January Speaker Night: Educational Children’s Books with Kara Cybanski

Summary by Tom Vradenburg and Coryl Addy. Edited by Stephanie Mason

We editors like to think of ourselves as adaptable and curious about new subjects and other genres. However, our real professional lives often involve grinding through the same kinds of material day after day. 

Kara Cybanski gets to live our dream at DC Canada Education Publishing, a small firm based in — who knew — Ottawa.

On January 19, Kara joined us to discuss her many roles as an editor for children’s education. She discussed the multiple hats she wears and the facets of publishing she works on, including design, translation, content writing, and editing. As an editor for educational children’s books, she also ensures she has educational value in mind.

In any government department, specialized teams handle each of those roles. We’re told we should ‘collaborate’, but specialists are usually reluctant to step out of their lanes. 

DC Canada, like many small businesses, doesn’t do lanes. But it’s not a brand-new startup, either. Founded in 1999, its first title was an ESL book for Grades 1 to 12.

Kara highlighted the editorial process for DC Canada’s small team by noting that before reviewing submissions, searching for illustrators, and finally getting to designing and printing, the team ensures that their materials meet two criteria: 1) it’s a good book for children; and 2) it has educational value. Kara highlighted that a wide variety of materials can be considered “educational”, with recent release, Recess in the Dark, focusing on cultural education. 

Every new title goes through a similar submission process: three to five staff will read a manuscript and recommend accepting or rejecting it. As with all book publishers, marketability is a consideration, as well as whether it’s the right book for the company at the right time.

DC looks  for a balance of good storytelling and educational value, which may not always be apparent in the theme or subject of the book.

Recess in the Dark, for example, is about children going to school in the North; its title refers to winter school days of little or no sunlight. It does explain that dog teams are still used in the North because they’re more dependable than snowmobiles. But much of the text is poetry, and Recess in the Dark walks readers through the fundamentals of verse.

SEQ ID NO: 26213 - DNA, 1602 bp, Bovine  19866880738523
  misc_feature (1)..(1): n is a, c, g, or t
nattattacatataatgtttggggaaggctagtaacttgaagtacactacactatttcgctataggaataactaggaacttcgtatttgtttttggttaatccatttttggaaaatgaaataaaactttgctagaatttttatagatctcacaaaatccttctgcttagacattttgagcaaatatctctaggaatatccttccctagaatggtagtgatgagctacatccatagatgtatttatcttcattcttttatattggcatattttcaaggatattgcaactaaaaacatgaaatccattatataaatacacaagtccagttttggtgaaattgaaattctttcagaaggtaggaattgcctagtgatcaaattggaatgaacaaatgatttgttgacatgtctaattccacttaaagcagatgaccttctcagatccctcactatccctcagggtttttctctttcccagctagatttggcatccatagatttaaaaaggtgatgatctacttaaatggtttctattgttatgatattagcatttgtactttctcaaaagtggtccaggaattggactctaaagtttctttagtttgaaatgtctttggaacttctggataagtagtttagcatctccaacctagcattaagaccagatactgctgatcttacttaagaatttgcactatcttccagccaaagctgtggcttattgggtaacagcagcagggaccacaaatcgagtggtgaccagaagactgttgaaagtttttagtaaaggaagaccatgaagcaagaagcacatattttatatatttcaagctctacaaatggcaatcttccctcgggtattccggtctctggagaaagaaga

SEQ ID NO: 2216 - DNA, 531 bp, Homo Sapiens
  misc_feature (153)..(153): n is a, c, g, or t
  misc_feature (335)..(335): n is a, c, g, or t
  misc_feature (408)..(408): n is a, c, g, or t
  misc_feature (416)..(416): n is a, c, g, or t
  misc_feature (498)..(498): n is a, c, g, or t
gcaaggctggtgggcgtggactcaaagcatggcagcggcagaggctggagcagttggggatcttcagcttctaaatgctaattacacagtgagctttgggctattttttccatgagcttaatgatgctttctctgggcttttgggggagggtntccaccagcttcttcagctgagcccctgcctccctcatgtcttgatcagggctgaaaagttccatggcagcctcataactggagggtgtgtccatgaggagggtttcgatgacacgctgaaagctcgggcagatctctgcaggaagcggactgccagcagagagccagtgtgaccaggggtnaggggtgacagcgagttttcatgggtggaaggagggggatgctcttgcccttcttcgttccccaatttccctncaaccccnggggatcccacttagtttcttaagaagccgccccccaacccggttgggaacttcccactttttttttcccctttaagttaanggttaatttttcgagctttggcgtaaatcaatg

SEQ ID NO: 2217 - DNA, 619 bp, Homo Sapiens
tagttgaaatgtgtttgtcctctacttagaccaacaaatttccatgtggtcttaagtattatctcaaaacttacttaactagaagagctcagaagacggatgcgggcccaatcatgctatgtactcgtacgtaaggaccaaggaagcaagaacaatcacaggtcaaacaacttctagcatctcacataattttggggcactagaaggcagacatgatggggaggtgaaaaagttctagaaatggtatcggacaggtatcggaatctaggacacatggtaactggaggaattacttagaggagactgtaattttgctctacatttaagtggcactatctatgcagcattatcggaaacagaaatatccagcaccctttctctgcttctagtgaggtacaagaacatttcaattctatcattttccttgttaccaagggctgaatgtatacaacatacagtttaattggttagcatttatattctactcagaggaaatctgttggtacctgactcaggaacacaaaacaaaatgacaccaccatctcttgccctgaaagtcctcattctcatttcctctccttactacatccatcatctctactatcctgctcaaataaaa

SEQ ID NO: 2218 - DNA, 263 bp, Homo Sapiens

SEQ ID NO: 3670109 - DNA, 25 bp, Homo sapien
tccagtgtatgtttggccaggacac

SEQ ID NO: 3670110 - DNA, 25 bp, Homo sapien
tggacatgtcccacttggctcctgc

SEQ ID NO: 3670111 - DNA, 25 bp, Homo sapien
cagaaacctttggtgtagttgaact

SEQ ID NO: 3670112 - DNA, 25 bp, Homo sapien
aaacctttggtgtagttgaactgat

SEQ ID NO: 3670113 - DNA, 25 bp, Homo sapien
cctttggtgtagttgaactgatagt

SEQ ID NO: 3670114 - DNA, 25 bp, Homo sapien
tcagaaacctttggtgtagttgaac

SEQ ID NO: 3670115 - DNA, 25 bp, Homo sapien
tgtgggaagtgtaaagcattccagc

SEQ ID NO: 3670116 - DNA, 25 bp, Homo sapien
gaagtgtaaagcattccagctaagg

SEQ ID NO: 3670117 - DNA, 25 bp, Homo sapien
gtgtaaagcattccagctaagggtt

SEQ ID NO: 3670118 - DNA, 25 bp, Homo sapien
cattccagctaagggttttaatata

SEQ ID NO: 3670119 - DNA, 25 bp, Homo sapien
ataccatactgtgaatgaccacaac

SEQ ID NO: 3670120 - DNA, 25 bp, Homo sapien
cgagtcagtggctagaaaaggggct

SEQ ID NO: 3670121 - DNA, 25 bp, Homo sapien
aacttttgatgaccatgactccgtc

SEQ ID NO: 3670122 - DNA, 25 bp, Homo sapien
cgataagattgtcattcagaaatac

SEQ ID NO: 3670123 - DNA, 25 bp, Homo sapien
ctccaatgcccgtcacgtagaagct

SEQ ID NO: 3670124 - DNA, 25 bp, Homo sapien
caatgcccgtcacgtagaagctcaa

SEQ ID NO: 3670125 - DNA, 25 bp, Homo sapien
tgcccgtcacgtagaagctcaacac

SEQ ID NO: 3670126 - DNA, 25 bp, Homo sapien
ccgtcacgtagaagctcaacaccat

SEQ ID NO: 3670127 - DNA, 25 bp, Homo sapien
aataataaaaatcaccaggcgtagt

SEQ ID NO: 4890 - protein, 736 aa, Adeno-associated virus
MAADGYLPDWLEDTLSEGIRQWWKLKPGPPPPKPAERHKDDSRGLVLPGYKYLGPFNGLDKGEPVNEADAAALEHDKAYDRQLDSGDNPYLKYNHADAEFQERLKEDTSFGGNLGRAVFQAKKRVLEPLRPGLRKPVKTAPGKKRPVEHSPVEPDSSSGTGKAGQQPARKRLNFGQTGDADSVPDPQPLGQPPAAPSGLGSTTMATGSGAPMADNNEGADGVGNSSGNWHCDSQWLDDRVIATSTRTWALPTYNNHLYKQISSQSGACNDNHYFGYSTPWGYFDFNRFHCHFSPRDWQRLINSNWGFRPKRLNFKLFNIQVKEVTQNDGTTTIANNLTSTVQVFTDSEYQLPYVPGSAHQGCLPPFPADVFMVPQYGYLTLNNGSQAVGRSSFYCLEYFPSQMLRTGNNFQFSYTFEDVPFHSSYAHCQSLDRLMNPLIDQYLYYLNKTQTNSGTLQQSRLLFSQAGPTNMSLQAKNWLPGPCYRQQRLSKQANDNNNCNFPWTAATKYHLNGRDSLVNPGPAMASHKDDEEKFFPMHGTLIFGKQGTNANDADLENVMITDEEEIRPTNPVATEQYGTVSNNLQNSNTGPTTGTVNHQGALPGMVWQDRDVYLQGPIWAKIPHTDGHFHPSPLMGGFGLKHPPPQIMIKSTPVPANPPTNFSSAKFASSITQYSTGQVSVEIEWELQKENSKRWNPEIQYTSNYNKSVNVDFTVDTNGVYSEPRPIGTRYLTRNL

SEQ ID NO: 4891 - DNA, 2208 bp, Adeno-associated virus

A notable asset of DC Canada is that it showcases educational materials in English, French and Chinese. The company began as a resource for teaching ESL learners and has since grown to include books, games, read-alongs, and a wide range of multimedia resources for children.

Kara also shared a few favourites she would recommend, including Our Farm in the City, which details the experimental farm in Ottawa to talk about science and nature, and One Story a Day, that illustrates a different topic for each day to stir a new conversation each day with your child (365 stories total!)

Kara’s  advice to children’s book authors was inspiring: “When you’re coming up with a concept for that children’s book, think about what’s unique about your book.” She went on further to say, “You have this responsibility to share important messages” about ideas like kindness, respect, immigration or historical events, for example. 

We ended our time with Kara by engaging in a short question and answer period, in which one of the interesting questions posed to her was, “Have you found guidelines or resources on ethics for children’s publishing?” They then noted that the issue they were pointing to is ‘massaging’ to ‘cover up the truth.’ Kara noted that it’s a fine line to tread, especially when introducing heavy topics, such as slavery, in an age-appropriate manner. She also noted that a story about a child with two mothers might not sell in countries that frown on homosexuality.

Overall, a wonderful and engaging night spent musing about the inner workings of an important piece of the publishing industry!

Speaker Nights: January, February, and March 2022

Welcome to a new year, everyone! We’re so excited to announce our next three Speaker Nights to kick off 2022.

On the third Wednesday of every month, we host a free Speaker Night to hear from a wide variety of hosts and to discuss topics related to editing, publishing, and more.

Speaker Nights are currently conducted through Zoom and are free of charge. Speaker Night runs from 6:30pm to 8:00pm EST.

January 19: Educational Children’s Books with Kara Cybanski

Join us for our first speaker night of 2022! To kick off the new year, we’ll be speaking with editor Kara Cybanski of DC Canada Education Publishing, a small innovative publisher of children’s books, games, and music in Ottawa.

February 16: Self-Publishing Night with Wayne Jones

Join us for an overview of the self-publishing process by Wayne Jones! The evening will include discussion of technology, editing, publicizing, and sales; so if you’re working with self-publishing authors or hope to self-publish your own book, don’t miss it.

March 16: Editing Academic Research Grant Proposals with Letitia Henville 

Join us for a conversation about editing research grant proposals led by Letitia Henville (she/her), an award-winning instructor and academic editor. Letitia will share some of her favourite tips and resources for editors looking to expand into this field. You can send questions ahead of time to Letitia on Twitter @shortishard or through her website at shortishard.com/contact.


If you’re planning on joining us for Speaker Night, let us know by emailing publicrelationsog@editors.ca with your name, your Editors Canada branch/twig, and the Speaker Night you intend to attend. You will receive the Zoom link via email in advance of the event.